The Iron Angels are a bike club in Vladivostok. Seoul Joe told us to look them up, so we did. We met up with Ilya II, who took us across the city to their clubhouse. It was a fairly stressful trip as we were following a car through gridlocked streets. On a bike it’s really hard not to filter through traffic!
We had the engines off and paddled the bikes for half a kilometre, moving over for an ambulance to come through at walking pace. Vladivostok isn’t a good place to have a heart attack! We finally made it to the club house, after making sure Adbang got on the main M60.
Quite an impressive pad, we met the chairman, German and a couple of other members. I had a quick blast on their drum kit before Ilya II and I rode off to the local bike shop on my bike. I wanted to do an oil change but hadn’t got any oil. At the shop I managed to get some new rear brake pads as well as oil. My bike was appreciated by the mechanics, as was the trip! I got the 15℅ club discount, every little helps.
Back at the clubhouse, Chip and Ken were chilling and shooting the breeze with German. I did an oil change but kept the pads, as there’s a few kms left in the old ones and it’s a 5 minute job to change them. (I love the new Kawasaki brake calliper design BTW). With the chain adjusted I’m good to go, for the next few thousand at least.
We were given stickers before we left, which now adorn the side panels – and contact numbers for the various chapters across Russia, who we’ll no doubt be looking up. It was great to meet like minded individuals with a passion for bikes. Thank you Iron Angels!
Here we are with the very well traveled bottle of wine. Charles gave me a bottle of wine when I left Melbourne, with strict instructions not to consume it! I was to take it to Vladivostok and share it with Ilya, my friend there.
It was a struggle, taking up precious room in my bags, but I managed to successfully take it around Australia and Korea. Through two sets of customs and over some very rough terrain, without breaking the bottle or having it confiscated.
I’m glad I made it, because Ilya has been a star and really looked after us. It would have been much more hassle and no doubt expense if we had to do it alone, so thanks Ilya!
Ilya collected up this morning right on time, and delivered us to the ferry port. True to her word, Svetlana had the paperwork all ready. We signed, paid and then went to collect the bikes. Completely painless, we were on the road in no time.
We made it all of 50 metres before we stopped for a coffee and to say goodbye to Adbang. We met Ilya 2 from the Iron Angels bike club, who Seoul Joe told we were coming. More on those guys later.
Thanks Ilya & Sveta!
Having arrived late, it was great to find that Ilya had waited nearly 5 hours for us, and taken the day off work too! Top bloke! He’d sorted an apartment for us as was about to take us there, when Svetlana arrived from Links Ltd..
She told us that because we were late the bikes couldn’t be unloaded until tomorrow, but that customs were open until 8 pm. If we hurry we could complete all the paperwork right now! The customs office was the other side of town, but Ilya drove us there while Sveta took Adbang and Junjun.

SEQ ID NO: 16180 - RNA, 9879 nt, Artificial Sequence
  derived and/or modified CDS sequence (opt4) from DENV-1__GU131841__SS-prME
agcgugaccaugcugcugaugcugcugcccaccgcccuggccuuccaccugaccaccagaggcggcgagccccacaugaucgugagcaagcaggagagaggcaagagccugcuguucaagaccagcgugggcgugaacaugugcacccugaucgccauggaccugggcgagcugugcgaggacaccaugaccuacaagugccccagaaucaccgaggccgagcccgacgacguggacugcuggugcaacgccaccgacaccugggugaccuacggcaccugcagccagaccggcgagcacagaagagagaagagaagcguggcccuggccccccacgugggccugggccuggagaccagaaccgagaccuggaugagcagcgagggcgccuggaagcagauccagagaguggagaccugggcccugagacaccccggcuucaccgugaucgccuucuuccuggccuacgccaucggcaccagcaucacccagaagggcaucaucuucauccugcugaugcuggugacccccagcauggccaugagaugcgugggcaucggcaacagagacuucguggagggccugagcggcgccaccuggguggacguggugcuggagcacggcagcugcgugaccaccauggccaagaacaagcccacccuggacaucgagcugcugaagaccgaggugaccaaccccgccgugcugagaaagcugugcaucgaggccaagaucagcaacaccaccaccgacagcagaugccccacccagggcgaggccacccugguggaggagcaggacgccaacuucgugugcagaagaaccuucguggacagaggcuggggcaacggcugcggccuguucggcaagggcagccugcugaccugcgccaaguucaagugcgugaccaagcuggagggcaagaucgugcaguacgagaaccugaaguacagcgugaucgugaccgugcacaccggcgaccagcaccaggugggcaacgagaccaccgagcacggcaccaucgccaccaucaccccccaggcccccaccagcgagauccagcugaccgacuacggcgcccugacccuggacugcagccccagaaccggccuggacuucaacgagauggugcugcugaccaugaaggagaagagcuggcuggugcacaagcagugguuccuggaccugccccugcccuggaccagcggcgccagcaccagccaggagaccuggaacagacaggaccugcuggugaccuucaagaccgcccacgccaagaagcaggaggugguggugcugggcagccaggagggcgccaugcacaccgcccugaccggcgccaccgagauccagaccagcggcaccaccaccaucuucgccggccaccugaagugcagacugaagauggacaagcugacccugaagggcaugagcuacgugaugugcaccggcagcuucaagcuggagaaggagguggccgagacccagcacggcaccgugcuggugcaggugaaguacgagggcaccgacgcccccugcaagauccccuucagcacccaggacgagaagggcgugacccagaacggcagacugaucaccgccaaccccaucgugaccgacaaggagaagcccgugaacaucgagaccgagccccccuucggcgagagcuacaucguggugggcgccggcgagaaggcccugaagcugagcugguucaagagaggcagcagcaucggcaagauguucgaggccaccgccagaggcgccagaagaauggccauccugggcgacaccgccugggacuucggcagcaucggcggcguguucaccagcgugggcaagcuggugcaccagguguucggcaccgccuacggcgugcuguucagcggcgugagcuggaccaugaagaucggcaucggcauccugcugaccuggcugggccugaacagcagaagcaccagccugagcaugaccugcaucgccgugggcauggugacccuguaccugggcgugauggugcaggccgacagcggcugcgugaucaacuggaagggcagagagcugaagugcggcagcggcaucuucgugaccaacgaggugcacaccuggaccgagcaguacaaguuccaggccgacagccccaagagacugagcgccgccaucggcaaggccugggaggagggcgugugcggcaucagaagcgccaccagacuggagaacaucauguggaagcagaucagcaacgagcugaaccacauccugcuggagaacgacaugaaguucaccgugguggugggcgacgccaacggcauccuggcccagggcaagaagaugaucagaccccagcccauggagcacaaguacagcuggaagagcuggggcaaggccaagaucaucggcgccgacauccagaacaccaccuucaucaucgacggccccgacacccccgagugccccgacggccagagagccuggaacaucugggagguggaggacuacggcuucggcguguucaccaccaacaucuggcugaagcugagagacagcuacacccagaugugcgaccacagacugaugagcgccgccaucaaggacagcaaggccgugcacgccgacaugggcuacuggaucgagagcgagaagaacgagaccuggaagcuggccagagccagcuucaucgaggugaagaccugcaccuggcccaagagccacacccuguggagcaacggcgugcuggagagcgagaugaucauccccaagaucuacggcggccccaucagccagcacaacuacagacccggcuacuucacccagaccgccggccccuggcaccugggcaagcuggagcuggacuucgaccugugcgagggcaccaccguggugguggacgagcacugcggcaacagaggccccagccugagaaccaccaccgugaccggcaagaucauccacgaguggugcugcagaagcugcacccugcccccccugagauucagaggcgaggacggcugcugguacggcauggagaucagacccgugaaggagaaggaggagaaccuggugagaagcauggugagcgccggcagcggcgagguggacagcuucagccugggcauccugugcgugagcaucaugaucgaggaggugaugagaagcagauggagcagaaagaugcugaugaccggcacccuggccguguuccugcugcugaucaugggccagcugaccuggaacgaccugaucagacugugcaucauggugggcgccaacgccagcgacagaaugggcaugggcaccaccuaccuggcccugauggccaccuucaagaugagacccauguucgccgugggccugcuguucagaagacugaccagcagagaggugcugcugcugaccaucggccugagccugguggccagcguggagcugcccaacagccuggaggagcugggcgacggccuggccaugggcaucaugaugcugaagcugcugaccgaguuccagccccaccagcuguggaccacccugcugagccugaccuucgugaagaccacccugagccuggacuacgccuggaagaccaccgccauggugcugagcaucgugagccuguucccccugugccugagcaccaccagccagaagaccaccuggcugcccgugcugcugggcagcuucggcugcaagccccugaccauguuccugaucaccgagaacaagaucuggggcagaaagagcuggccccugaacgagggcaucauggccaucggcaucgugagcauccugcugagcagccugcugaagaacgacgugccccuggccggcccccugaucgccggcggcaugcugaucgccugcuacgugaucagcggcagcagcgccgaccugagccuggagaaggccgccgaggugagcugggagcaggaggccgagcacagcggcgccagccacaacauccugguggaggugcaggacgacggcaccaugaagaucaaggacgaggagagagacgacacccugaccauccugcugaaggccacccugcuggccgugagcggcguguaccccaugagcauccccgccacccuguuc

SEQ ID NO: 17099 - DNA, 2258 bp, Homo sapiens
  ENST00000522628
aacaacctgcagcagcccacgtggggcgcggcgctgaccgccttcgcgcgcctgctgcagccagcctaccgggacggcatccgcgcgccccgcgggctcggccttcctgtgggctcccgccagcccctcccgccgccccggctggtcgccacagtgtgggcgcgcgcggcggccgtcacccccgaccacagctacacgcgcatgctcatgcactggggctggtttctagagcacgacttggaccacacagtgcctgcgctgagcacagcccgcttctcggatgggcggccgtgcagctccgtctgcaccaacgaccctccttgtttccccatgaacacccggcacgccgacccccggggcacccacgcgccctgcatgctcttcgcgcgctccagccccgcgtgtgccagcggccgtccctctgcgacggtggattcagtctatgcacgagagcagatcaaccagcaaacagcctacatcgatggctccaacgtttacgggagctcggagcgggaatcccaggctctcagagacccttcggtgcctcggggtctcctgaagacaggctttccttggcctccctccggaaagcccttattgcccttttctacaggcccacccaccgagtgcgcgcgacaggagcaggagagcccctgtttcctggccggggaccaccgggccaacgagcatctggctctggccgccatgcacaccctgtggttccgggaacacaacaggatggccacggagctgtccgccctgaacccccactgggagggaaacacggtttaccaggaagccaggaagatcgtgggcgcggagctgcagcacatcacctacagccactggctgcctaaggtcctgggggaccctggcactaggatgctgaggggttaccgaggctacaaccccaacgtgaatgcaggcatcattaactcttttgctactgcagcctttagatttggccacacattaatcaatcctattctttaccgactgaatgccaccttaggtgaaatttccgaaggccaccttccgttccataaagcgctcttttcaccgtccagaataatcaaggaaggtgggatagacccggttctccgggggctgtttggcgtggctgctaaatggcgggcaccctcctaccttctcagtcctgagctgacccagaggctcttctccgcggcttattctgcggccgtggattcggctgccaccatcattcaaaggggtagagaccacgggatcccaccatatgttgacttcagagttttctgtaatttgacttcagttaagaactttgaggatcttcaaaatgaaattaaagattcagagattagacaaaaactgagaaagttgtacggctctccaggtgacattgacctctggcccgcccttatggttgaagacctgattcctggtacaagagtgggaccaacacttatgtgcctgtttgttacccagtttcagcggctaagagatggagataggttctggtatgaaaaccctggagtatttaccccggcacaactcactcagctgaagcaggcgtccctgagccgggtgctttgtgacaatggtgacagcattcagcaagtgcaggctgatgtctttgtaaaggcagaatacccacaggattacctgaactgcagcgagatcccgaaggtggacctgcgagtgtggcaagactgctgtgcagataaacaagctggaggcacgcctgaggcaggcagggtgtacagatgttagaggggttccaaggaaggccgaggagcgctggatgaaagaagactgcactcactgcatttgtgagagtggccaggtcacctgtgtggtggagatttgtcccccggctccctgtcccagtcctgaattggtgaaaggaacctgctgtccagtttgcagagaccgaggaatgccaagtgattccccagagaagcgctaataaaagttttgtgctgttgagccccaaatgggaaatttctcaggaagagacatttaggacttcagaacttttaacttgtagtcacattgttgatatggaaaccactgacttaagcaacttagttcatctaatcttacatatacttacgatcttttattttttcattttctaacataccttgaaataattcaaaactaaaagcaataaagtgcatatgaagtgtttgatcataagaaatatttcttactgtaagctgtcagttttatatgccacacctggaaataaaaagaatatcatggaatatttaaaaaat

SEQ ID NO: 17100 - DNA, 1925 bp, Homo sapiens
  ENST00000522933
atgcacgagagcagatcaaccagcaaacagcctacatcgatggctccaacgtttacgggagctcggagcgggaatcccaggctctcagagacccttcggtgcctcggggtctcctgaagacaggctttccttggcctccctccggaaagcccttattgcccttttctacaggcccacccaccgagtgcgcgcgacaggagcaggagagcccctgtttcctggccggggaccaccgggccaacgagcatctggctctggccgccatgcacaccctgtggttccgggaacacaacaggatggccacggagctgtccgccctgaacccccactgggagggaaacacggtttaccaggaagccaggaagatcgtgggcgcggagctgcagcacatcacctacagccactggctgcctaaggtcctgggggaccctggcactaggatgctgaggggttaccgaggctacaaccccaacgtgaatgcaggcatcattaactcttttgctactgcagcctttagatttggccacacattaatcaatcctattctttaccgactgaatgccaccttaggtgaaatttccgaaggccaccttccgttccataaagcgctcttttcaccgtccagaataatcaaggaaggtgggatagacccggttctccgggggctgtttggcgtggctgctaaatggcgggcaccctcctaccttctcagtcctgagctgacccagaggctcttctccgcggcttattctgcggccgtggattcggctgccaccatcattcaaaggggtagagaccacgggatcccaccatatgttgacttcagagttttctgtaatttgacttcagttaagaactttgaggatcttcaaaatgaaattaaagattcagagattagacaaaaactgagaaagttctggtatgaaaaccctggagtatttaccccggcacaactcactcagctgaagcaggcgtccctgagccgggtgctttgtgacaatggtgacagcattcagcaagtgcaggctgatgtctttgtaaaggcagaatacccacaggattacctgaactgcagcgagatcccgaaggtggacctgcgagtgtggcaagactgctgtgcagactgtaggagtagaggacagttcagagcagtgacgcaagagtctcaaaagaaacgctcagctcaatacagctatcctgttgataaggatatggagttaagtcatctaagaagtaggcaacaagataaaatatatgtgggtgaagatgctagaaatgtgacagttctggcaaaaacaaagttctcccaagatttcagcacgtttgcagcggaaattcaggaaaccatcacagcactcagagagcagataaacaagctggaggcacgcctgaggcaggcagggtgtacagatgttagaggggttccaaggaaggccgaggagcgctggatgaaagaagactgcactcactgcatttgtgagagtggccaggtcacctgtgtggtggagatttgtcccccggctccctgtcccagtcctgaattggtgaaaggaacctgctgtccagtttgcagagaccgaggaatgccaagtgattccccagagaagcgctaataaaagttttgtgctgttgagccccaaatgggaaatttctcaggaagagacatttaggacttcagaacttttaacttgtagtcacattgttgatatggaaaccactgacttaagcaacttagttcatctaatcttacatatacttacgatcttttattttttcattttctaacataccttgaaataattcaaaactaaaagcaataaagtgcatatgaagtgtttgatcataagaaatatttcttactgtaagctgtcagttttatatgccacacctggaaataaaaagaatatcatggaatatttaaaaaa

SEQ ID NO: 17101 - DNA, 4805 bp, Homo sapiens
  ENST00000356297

There was a lot of running around, literally, all by Sveta while we waited in comfort. There was a mistake in the bill of lading which has to be corrected, but she managed to get everything done. Yuri turned up later to say hello.
They seemed marvellously efficient, so as long as things to well this morning we’ll be back on the bikes. Yuri gave us some marketing material, and as we had such a good experience I’ve put it in the blog.
Thanks to the Links team.
Here we are after a great crossing outside the ferry terminal of Vladivostok! All smiles at this point because we’d made it, I could see my contact Ilya waiting for me and the ferry was only 2 hours late.
What I didn’t realised was that it was going to take another two and a half hours to get off the boat! Progress was painfully slow, with a massive queue and a strict pecking order of which nationalities can alight first. (Not us of course!).
Then onto immigration, where I stood for a whole 10 minutes with the official guy staring me down. Looking alternately between me and my passport photo, which I don’t especially resemble now I have a beard. Luckily I was wearing my “don’t fuck with me” big fur jacket. I stared back unblinking, until I don’t know who felt more uncomfortable!
Without a word, my passport was stamped and we’re in!
Off the starboard bow are some of the named islands, belonging to the Russian federation. We’re a couple of hours from Vladivostok, but the passage seems to have shot by -especially compared to a long haul flight lasting half the time. This really is a much more civilised way to travel.
We successfully ‘liquidated’ our remaining Korean assets at the bar, and made the most of the buffet. Possibly our last chance to sample Korean food, which I’m not particularly upset with if I’m honest! Kimchi – not for me! But in all the ferry has been great. I wasn’t too worried about the economy accommodation, but having been upgraded (to second class) I’m glad we were!
Casual conversation with some of the Russian passengers was doable, but definitely hard work. Similarly with the Korean bikers we met, but my Russian beats my Korean hands down! The ferry is due in at 2:50pm local time, so I doubt we’ll be clearing customs the same day. But a day or two of down time is a great way to suss out a place, which definitely worked in my favour in Busan. There’ll be plenty of time to ride around Russia in due course.
GPS location Date/Time:07/27/2014 11:57:22 PDT
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